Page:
Friday, May 20, 2011

A New Header to honor Summer ~ I wonder how hot it is in this desert?


desert fantasy header

The most beautiful thing we can experience is the mysterious. It is the source of all true art and science. ~ Albert Einstein

When I found this desert “multicultural” fantasy picture it begged to be made. There are several others which will be shared at some point but this is John’s favorite and fits a summer theme of HEAT. Which is coming for us soon to “Hades-ville”.  It also shares our desire to include a variety of countries and cultural experiences with in our reading materials, in our travels, and more. However, I do not think we will be visiting this fantastical place anytime soon, but what an interesting experience that would be.

Stop by and take a look ~ since you may not recognize the newest version of Layers of Thought.

The picture’s attributions:

  • original image name: 'Travellers
  • by: chiaralily
  • Released under an Attribution-NonCommercial License

I have cropped it and added the lettering to create this header.

Have a fantastic weekend and happy reading!

Thursday, May 19, 2011

Giveaway (two books): First Daughter and Last Snow ~ by Eric Van Lustbader


last snow

Two Thrillers ~ for giveaway to one US mailing address!  This series is based upon an intriguing character - top ATF agent, Jack McClure, whose unique dyslexic mind allows him to put together the pieces that others can’t even see.

Last Snow ~ by Eric Van Lustbader; 528 pages; Forge; Reprint (March 1, 2011) US|UK|Canada.

About:   When an American senator who is supposed to be in the Ukraine turns up dead on the island of Capri, the President asks McClure to investigate. Jack sets out from Moscow across Eastern Europe, following a perilous trail of diplomats, criminals, and corrupt politicians. His task is complicated by two unlikely, unexpected, and incompatible companions---Annika, a rogue Russian FSB agent, and Alli, the President’s daughter.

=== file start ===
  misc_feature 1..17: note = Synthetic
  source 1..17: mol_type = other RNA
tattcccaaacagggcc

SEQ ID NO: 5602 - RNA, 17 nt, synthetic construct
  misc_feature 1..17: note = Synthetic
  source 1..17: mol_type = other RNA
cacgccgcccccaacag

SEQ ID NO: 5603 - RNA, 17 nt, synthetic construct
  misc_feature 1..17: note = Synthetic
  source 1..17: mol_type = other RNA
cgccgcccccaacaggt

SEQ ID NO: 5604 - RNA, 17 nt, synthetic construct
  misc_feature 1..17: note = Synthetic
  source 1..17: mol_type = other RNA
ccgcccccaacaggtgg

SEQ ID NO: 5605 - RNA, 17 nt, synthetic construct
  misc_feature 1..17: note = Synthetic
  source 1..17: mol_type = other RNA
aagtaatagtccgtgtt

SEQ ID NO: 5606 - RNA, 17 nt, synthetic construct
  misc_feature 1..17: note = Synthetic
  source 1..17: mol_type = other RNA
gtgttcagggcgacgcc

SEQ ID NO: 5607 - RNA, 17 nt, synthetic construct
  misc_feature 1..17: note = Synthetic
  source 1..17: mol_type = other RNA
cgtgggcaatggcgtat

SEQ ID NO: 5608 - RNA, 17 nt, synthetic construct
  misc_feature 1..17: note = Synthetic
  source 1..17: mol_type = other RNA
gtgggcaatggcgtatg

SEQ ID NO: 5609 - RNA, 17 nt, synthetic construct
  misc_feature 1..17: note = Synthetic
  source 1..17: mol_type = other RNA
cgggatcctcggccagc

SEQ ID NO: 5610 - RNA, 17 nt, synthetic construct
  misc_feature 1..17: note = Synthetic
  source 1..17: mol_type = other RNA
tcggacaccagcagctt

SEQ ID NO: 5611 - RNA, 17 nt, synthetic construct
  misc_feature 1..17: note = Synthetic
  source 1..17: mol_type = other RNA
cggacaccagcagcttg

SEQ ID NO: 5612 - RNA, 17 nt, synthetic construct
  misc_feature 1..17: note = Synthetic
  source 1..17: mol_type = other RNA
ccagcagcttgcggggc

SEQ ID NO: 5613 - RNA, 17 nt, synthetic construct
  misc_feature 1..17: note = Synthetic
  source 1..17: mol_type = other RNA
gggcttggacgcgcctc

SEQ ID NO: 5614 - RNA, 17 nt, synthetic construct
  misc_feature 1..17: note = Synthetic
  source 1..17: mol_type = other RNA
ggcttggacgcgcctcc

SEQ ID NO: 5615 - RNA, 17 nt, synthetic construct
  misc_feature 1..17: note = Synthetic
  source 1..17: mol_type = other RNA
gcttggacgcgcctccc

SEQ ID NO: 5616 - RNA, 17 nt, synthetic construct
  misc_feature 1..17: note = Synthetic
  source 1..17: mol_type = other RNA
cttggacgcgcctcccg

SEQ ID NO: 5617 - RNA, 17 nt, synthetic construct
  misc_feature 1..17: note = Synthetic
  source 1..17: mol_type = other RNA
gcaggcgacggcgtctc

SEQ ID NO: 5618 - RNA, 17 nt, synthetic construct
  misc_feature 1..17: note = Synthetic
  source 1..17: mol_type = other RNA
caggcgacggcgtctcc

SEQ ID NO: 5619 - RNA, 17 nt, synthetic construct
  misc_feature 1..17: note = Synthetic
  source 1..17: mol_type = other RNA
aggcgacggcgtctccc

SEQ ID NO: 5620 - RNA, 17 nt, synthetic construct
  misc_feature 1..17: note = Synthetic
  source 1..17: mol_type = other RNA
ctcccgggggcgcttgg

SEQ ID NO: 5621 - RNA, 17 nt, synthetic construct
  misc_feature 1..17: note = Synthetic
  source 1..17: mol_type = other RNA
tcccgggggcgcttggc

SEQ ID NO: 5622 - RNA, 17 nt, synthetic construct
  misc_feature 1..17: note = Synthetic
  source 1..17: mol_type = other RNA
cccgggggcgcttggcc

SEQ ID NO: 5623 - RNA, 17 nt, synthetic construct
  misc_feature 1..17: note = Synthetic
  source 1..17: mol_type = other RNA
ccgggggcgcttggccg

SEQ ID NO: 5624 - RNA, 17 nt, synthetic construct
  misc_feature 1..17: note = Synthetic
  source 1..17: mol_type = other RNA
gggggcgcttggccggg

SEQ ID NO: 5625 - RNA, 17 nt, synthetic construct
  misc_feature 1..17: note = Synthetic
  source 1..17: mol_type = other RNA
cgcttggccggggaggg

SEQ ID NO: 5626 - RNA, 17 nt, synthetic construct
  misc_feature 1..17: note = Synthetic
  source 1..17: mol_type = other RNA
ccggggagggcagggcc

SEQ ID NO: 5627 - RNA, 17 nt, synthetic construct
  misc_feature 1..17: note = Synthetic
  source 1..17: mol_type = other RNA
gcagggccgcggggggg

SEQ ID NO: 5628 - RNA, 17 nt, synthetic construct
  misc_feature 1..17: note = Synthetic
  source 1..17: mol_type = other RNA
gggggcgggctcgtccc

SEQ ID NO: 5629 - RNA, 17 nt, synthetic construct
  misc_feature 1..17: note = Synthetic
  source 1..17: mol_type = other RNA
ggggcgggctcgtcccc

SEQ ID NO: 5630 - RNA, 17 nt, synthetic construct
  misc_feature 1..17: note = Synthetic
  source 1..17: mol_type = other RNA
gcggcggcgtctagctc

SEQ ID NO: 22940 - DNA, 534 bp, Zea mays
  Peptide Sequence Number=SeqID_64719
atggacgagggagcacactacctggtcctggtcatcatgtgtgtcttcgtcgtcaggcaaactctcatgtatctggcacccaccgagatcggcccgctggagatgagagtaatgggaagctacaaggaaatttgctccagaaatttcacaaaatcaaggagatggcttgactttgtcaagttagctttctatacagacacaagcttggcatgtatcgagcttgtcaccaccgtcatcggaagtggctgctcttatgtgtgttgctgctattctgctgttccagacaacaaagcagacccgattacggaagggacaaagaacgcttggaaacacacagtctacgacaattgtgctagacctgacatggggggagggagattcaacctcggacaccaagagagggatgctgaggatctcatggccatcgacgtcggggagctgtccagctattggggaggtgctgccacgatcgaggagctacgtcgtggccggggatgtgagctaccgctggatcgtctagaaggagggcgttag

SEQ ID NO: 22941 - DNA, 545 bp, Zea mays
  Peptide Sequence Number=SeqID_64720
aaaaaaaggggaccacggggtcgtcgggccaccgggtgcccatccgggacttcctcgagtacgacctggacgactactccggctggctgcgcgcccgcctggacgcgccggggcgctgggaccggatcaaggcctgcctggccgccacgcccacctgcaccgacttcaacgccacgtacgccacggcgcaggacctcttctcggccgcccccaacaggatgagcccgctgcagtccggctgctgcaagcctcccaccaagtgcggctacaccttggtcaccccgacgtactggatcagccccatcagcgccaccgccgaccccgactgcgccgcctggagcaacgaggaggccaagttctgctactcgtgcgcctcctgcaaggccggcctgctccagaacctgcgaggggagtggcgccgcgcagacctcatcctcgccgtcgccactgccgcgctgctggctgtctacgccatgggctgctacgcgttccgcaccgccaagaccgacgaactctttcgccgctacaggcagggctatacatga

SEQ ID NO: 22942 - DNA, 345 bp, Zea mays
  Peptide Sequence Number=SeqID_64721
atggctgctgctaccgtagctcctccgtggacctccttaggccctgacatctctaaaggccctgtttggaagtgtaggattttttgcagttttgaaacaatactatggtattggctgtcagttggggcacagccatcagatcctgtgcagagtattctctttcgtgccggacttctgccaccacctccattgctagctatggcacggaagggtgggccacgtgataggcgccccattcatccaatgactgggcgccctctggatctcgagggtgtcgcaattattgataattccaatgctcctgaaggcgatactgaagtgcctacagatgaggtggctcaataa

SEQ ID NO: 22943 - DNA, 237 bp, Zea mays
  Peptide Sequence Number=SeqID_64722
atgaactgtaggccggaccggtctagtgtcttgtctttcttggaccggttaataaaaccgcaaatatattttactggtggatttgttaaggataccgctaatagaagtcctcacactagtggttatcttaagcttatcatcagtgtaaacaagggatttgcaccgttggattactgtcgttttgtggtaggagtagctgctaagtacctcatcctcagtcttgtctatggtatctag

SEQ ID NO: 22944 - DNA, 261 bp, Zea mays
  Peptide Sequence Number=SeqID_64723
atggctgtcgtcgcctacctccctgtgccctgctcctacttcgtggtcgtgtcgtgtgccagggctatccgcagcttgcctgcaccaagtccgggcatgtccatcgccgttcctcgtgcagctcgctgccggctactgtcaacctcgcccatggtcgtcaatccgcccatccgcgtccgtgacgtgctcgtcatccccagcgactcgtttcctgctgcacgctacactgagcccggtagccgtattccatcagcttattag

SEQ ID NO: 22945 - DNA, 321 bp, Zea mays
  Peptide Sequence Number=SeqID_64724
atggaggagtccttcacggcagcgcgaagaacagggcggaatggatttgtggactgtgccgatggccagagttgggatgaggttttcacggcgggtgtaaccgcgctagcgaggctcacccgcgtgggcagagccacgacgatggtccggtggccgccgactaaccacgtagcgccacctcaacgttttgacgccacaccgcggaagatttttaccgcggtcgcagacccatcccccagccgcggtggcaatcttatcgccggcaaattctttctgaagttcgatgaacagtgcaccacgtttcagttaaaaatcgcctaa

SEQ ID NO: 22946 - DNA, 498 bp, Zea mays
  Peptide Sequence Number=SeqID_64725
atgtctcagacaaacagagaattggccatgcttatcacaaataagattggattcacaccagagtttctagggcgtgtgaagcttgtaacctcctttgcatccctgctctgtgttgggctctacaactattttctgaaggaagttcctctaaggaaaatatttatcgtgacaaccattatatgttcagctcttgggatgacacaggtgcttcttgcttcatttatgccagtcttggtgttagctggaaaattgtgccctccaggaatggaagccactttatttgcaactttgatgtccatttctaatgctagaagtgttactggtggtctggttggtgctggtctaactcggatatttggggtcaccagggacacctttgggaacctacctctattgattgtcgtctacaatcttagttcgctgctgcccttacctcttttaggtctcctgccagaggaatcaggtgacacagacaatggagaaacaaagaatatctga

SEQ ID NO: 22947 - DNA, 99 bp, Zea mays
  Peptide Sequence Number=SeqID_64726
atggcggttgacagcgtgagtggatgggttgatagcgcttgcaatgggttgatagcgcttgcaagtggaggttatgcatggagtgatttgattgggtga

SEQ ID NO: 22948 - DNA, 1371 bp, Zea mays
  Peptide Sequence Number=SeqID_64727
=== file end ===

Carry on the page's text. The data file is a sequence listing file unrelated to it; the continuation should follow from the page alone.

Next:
As he struggles to keep both young women safe and uncover the truth behind the senator’s death, Jack learns just how far up the American and Russian political ladders corruption and treachery have reached. 

first daughter

First Daughter ~ by Eric Van Lustbader; 464 pages; Forge; Reprint (September 1, 2009)  US|UK|Canada.

About:   When a terrible accident takes the life of his only daughter, Emma, and his marriage falls apart, Jack blames himself, numbing the pain by submerging himself in work.  Then he receives a call from his old friend Edward Carson.  Carson is just weeks from taking the reins as President of the United States when his daughter, Alli, is kidnapped.  Because Emma McClure was once Alli’s best friend, Carson turns to Jack, the one man he can trust to go to any lengths to find his daughter and bring her home safely.

The search for Alli leads Jack on a road toward reconciliation . . . and into the path of a dangerous and calculating man.  Someone whose actions are as cold as they are brilliant.  Whose power and reach are seemingly infinite.

blood trust

NOT a part of this giveaway is the latest in the series ~ Blood Trust ; 416 pages; Forge; First Edition (May 10, 2011) US|UK|Canada

About:    Alli Carson has been through her own personal hell. With her father, the President of the United States, recently dead and her mother in a coma from a terrible accident, she has poured herself into her training to become one of the best FBI agents at the Fearington Institute. Her inspiration and solace comes from the one man with whom she has ever felt a kinship, National Security Adviser, Jack McClure. But when Alli becomes the prime suspect in a murder at Fearington, a wide ranging investigation is triggered, involving local homicide detectives, the secret service, the FBI itself, and Alli’s own uncle, the billionaire lobbyist Henry Carson.  And yet nothing is what it seems.

    For more on this prolific thriller author visit Eric Van Lustbader's Website.

    Giveaway  ~ Last Snow and First Daughter

    Lets make this one very simple!  You do not have to be a follower to win. But you must leave your name and email address so I can contact you if you win.

    That’s It!    (Please note - if you are reading this in an email or a reader you may have to link to the blog to view and use this entry form).